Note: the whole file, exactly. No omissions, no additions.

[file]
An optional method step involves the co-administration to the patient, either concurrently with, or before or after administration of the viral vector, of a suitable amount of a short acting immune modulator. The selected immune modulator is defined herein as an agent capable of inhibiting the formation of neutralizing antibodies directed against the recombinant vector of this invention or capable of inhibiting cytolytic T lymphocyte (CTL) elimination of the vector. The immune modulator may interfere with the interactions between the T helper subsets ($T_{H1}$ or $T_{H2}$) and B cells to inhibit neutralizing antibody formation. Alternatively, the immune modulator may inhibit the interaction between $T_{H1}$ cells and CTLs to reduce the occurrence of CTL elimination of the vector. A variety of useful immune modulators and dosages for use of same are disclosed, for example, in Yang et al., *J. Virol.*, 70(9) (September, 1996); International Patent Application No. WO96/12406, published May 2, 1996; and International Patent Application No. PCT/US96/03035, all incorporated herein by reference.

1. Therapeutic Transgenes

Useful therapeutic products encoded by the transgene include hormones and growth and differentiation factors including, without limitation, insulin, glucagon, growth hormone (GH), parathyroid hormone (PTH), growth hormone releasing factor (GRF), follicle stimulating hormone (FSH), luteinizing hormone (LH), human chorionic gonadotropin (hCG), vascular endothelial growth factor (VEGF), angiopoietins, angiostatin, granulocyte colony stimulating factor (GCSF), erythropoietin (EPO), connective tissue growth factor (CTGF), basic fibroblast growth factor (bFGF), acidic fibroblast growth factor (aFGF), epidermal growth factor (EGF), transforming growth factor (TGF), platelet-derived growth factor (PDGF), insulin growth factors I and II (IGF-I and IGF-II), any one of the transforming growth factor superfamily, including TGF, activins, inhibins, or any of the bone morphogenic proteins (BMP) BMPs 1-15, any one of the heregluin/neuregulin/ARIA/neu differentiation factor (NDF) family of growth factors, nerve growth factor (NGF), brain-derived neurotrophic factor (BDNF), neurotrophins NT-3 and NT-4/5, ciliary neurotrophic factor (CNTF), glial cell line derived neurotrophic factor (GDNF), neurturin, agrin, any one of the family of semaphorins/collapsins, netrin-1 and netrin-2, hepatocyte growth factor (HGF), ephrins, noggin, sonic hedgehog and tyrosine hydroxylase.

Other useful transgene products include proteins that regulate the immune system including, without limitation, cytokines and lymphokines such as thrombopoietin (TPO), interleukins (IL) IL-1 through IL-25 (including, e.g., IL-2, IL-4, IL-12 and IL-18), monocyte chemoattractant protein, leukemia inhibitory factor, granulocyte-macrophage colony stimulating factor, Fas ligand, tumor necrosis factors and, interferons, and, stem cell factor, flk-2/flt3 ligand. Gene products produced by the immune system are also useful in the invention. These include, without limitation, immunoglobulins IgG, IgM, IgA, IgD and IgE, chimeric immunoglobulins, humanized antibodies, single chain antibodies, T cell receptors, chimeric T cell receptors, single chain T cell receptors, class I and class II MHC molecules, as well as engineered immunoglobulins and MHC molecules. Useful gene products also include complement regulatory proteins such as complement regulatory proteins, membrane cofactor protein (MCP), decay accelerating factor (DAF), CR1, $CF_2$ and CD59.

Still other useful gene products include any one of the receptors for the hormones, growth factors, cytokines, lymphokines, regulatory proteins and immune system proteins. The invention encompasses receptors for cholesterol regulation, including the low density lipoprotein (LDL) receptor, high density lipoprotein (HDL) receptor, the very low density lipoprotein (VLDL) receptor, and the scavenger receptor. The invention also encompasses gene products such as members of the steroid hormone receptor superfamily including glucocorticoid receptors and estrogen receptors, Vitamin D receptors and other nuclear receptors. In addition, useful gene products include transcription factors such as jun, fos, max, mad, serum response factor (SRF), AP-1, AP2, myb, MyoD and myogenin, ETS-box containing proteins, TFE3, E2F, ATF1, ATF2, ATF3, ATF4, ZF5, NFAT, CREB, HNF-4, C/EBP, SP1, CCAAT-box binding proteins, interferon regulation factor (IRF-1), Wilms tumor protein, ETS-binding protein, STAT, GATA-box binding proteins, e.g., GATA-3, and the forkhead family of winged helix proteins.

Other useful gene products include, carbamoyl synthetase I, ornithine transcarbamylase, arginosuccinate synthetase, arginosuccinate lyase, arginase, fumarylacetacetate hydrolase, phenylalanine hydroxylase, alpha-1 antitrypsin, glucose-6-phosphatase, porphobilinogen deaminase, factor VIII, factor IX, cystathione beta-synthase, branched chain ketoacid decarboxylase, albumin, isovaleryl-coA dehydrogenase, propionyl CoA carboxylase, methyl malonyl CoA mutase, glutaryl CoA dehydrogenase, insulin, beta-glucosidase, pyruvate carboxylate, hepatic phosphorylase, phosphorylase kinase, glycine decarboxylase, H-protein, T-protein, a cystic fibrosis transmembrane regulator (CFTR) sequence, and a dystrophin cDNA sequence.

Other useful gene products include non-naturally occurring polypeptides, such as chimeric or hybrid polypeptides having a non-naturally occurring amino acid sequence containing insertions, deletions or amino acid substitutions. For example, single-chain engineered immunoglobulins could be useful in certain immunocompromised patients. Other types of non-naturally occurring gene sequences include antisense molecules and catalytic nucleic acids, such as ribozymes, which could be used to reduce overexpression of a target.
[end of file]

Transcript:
An optional method step involves the co-administration to the patient, either concurrently with, or before or after administration of the viral vector, of a suitable amount of a short acting immune modulator. The selected immune modulator is defined herein as an agent capable of inhibiting the formation of neutralizing antibodies directed against the recombinant vector of this invention or capable of inhibiting cytolytic T lymphocyte (CTL) elimination of the vector. The immune modulator may interfere with the interactions between the T helper subsets ($T_{H1}$ or $T_{H2}$) and B cells to inhibit neutralizing antibody formation. Alternatively, the immune modulator may inhibit the interaction between $T_{H1}$ cells and CTLs to reduce the occurrence of CTL elimination of the vector. A variety of useful immune modulators and dosages for use of same are disclosed, for example, in Yang et al., *J. Virol.*, 70(9) (September, 1996); International Patent Application No. WO96/12406, published May 2, 1996; and International Patent Application No. PCT/US96/03035, all incorporated herein by reference.

1. Therapeutic Transgenes

Useful therapeutic products encoded by the transgene include hormones and growth and differentiation factors including, without limitation, insulin, glucagon, growth hormone (GH), parathyroid hormone (PTH), growth hormone releasing factor (GRF), follicle stimulating hormone (FSH), luteinizing hormone (LH), human chorionic gonadotropin (hCG), vascular endothelial growth factor (VEGF), angiopoietins, angiostatin, granulocyte colony stimulating factor (GCSF), erythropoietin (EPO), connective tissue growth factor (CTGF), basic fibroblast growth factor (bFGF), acidic fibroblast growth factor (aFGF), epidermal growth factor (EGF), transforming growth factor (TGF), platelet-derived growth factor (PDGF), insulin growth factors I and II (IGF-I and IGF-II), any one of the transforming growth factor superfamily, including TGF, activins, inhibins, or any of the bone morphogenic proteins (BMP) BMPs 1-15, any one of the heregluin/neuregulin/ARIA/neu differentiation factor (NDF) family of growth factors, nerve growth factor (NGF), brain-derived neurotrophic factor (BDNF), neurotrophins NT-3 and NT-4/5, ciliary neurotrophic factor (CNTF), glial cell line derived neurotrophic factor (GDNF), neurturin, agrin, any one of the family of semaphorins/collapsins, netrin-1 and netrin-2, hepatocyte growth factor (HGF), ephrins, noggin, sonic hedgehog and tyrosine hydroxylase.

Other useful transgene products include proteins that regulate the immune system including, without limitation, cytokines and lymphokines such as thrombopoietin (TPO), interleukins (IL) IL-1 through IL-25 (including, e.g., IL-2, IL-4, IL-12 and IL-18), monocyte chemoattractant protein, leukemia inhibitory factor, granulocyte-macrophage colony stimulating factor, Fas ligand, tumor necrosis factors and, interferons, and, stem cell factor, flk-2/flt3 ligand. Gene products produced by the immune system are also useful in the invention. These include, without limitation, immunoglobulins IgG, IgM, IgA, IgD and IgE, chimeric immunoglobulins, humanized antibodies, single chain antibodies, T cell receptors, chimeric T cell receptors, single chain T cell receptors, class I and class II MHC molecules, as well as engineered immunoglobulins and MHC molecules. Useful gene products also include complement regulatory proteins such as complement regulatory proteins, membrane cofactor protein (MCP), decay accelerating factor (DAF), CR1, $CF_2$ and CD59.

Still other useful gene products include any one of the receptors for the hormones, growth factors, cytokines, lymphokines, regulatory proteins and immune system proteins. The invention encompasses receptors for cholesterol regulation, including the low density lipoprotein (LDL) receptor, high density lipoprotein (HDL) receptor, the very low density lipoprotein (VLDL) receptor, and the scavenger receptor. The invention also encompasses gene products such as members of the steroid hormone receptor superfamily including glucocorticoid receptors and estrogen receptors, Vitamin D receptors and other nuclear receptors. In addition, useful gene products include transcription factors such as jun, fos, max, mad, serum response factor (SRF), AP-1, AP2, myb, MyoD and myogenin, ETS-box containing proteins, TFE3, E2F, ATF1, ATF2, ATF3, ATF4, ZF5, NFAT, CREB, HNF-4, C/EBP, SP1, CCAAT-box binding proteins, interferon regulation factor (IRF-1), Wilms tumor protein, ETS-binding protein, STAT, GATA-box binding proteins, e.g., GATA-3, and the forkhead family of winged helix proteins.

Other useful gene products include, carbamoyl synthetase I, ornithine transcarbamylase, arginosuccinate synthetase, arginosuccinate lyase, arginase, fumarylacetacetate hydrolase, phenylalanine hydroxylase, alpha-1 antitrypsin, glucose-6-phosphatase, porphobilinogen deaminase, factor VIII, factor IX, cystathione beta-synthase, branched chain ketoacid decarboxylase, albumin, isovaleryl-coA dehydrogenase, propionyl CoA carboxylase, methyl malonyl CoA mutase, glutaryl CoA dehydrogenase, insulin, beta-glucosidase, pyruvate carboxylate, hepatic phosphorylase, phosphorylase kinase, glycine decarboxylase, H-protein, T-protein, a cystic fibrosis transmembrane regulator (CFTR) sequence, and a dystrophin cDNA sequence.

Other useful gene products include non-naturally occurring polypeptides, such as chimeric or hybrid polypeptides having a non-naturally occurring amino acid sequence containing insertions, deletions or amino acid substitutions. For example, single-chain engineered immunoglobulins could be useful in certain immunocompromised patients. Other types of non-naturally occurring gene sequences include antisense molecules and catalytic nucleic acids, such as ribozymes, which could be used to reduce overexpression of a target.